Cash Flow Tune-Up » Cash Conversion Cycle

Purpose of the Cash Conversion Cycle

The purpose of the Cash Conversion Cycle (CCC) is to calculate the turnover rate of resources into cash flow. Depending on the industry, the receivables might have a longer or shorter cycle to when they are collected. This will affect your cash flow in reducing your payables.

To put it simply, the Cash Conversion Cycle consists of your sales, inventory, and payables.

To calculate the Cash Conversion Cycle, use the following formula:


DSO is your Daily Sales Outstanding. DIO is your Daily Inventory Outstanding. DPO is your Daily Payables Outstanding.

How to Reduce Your Cash Conversion Cycle

To increase cash flow, you must reduce your cash conversion cycle by doing the following:

  • Improving collections
  • Shortening time to invoice
  • Obtaining deposits
  • Extending vendors
  • Reducing inventory

Your company can improve its cash conversion cycle through any of the following ways:

  • Effective collection of receivables by reducing the number of Days Sales Outstanding (DSO)
  • Negotiating with suppliers to increase the number of Days Payables Outstanding (DPO)
  • Reduction of the number of Days Inventory Outstanding (DIO)

Improve DSO

By improving the DSO, there is more flexibility in cash flow. There are many ways to improve DSO (see below). As a financial leader, you are responsible to improving the turnover of receivables by establishing an effective process.

Start by examining your credit policy. Then check the credit ratings for new large orders. Those accounts that are high-risk or slow to pay should get up-front payment or a retainer.

Next, segment your customers to determine who’s profitable and who’s slow to pay.

Also, have a dedicated collections person.

Invoice immediately using clear, easy-to-read invoices.

Identify disputes and resolve them quickly. Furthermore, discuss dilution and its effect on financing.

Incentivize collectors based upon collection goals.

Also, incentivize sales force to improve cash flow.

Pay commissions off cash receipts or back out bad debts from commissions.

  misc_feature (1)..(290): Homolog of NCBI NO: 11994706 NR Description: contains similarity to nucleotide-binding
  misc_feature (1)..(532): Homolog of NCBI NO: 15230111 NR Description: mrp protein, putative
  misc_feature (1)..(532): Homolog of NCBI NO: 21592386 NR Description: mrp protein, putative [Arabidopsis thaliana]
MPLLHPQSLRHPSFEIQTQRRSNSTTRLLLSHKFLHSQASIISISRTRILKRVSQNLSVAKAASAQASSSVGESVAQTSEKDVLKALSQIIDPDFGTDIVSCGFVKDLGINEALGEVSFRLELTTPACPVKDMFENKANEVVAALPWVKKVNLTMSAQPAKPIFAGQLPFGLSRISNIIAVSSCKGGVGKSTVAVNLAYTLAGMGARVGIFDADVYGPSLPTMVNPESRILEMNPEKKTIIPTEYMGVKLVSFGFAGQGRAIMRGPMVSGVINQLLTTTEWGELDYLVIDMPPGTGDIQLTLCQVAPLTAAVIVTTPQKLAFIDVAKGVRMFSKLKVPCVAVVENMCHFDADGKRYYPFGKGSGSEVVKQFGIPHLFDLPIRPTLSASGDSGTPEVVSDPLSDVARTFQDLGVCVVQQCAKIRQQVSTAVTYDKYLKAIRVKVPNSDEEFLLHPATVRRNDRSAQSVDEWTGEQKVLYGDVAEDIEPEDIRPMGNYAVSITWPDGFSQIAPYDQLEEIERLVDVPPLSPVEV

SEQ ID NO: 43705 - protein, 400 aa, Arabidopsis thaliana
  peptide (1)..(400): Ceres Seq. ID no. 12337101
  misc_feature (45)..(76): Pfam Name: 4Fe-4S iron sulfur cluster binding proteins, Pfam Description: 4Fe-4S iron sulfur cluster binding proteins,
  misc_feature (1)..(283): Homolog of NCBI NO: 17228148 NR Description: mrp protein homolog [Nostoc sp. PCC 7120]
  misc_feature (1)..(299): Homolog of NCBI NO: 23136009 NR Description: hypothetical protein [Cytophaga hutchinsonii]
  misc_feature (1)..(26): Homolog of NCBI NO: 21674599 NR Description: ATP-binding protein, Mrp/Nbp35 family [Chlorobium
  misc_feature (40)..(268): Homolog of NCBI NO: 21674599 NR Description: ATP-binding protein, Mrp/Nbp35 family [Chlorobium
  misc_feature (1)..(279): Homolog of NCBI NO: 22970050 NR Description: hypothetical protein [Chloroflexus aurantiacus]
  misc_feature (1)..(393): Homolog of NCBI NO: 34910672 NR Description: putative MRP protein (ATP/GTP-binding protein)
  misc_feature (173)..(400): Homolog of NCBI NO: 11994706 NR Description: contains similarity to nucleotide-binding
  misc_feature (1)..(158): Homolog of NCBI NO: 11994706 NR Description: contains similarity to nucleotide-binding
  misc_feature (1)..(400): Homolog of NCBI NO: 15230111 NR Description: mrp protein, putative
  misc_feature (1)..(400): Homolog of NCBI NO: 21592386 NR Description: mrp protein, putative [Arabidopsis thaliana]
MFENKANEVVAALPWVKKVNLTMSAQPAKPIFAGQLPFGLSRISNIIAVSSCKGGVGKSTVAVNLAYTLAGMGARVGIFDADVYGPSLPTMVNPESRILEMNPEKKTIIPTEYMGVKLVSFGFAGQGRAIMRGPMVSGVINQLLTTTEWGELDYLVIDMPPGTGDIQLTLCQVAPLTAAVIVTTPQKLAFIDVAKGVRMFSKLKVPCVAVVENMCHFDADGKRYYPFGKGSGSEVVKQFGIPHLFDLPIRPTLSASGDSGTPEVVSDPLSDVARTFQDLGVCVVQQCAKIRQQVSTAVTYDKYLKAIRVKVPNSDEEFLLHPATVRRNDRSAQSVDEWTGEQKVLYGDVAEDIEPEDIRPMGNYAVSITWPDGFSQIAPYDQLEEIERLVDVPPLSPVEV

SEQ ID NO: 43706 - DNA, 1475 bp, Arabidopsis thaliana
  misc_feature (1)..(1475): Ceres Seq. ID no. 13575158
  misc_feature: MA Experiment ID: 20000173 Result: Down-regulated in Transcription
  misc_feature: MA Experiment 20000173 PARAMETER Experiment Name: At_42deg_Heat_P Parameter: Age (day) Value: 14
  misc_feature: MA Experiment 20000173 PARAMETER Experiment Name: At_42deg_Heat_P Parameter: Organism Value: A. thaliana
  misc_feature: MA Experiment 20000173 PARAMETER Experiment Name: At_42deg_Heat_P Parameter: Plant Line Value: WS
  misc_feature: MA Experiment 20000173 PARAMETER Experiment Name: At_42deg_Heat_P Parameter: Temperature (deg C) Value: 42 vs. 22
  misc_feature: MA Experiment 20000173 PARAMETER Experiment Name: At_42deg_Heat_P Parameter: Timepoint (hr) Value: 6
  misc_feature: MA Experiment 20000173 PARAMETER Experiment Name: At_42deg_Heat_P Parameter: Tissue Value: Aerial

Improve DIO

To improve DIO is to improve the efficiency of your organization. Remember, the number of days that inventory is sitting on shelves is wasting money. Since your cash is tied up in that inventory, your cash flow is hindered everyday you don’t sell. There are a couple mechanisms (listed below) you as the financial leader can put in place to measure and manage your DIO.

Maintain a perpetual inventory systems. You can’t manage what isn’t being measured.

Look at the volatility of sales of product lines. Then check to make sure if too much cash is being tied up in slow-moving inventory, as well as checking that you have enough availability of populate products to meet sales.

Pay bonuses for warehouse personnel based upon improving inventory turns. This serves as an incentive for those on the floor managing your inventory, in turn affecting your cash conversion cycle.

Improve DPO

Accounts payable has the ability to be stretched if the relationship between your organization and your vendors are sound. This will help improve your cash flow.

Stretch your payables by:

  • developing a vendor payment schedule based upon weekly cash flow report
  • asking key vendors to stretch terms when cash is tight
  • taking advantage of discounts when cash is available
  • asking for conversion to NP for those large balances
  • segmenting suppliers (regular supplies vs. one-off purchases) to negotiate better terms

Other Areas

Minimize fixed asset purchases when cash is tight. If asset purchase is necessary, then properly fund by matching asset financing with cash generation ability.

Renegotiate lease agreements.

Put your cash to work. One way to do that is to use sweep accounts to earn money on excess cash.

Seek additional investment capital when needed.

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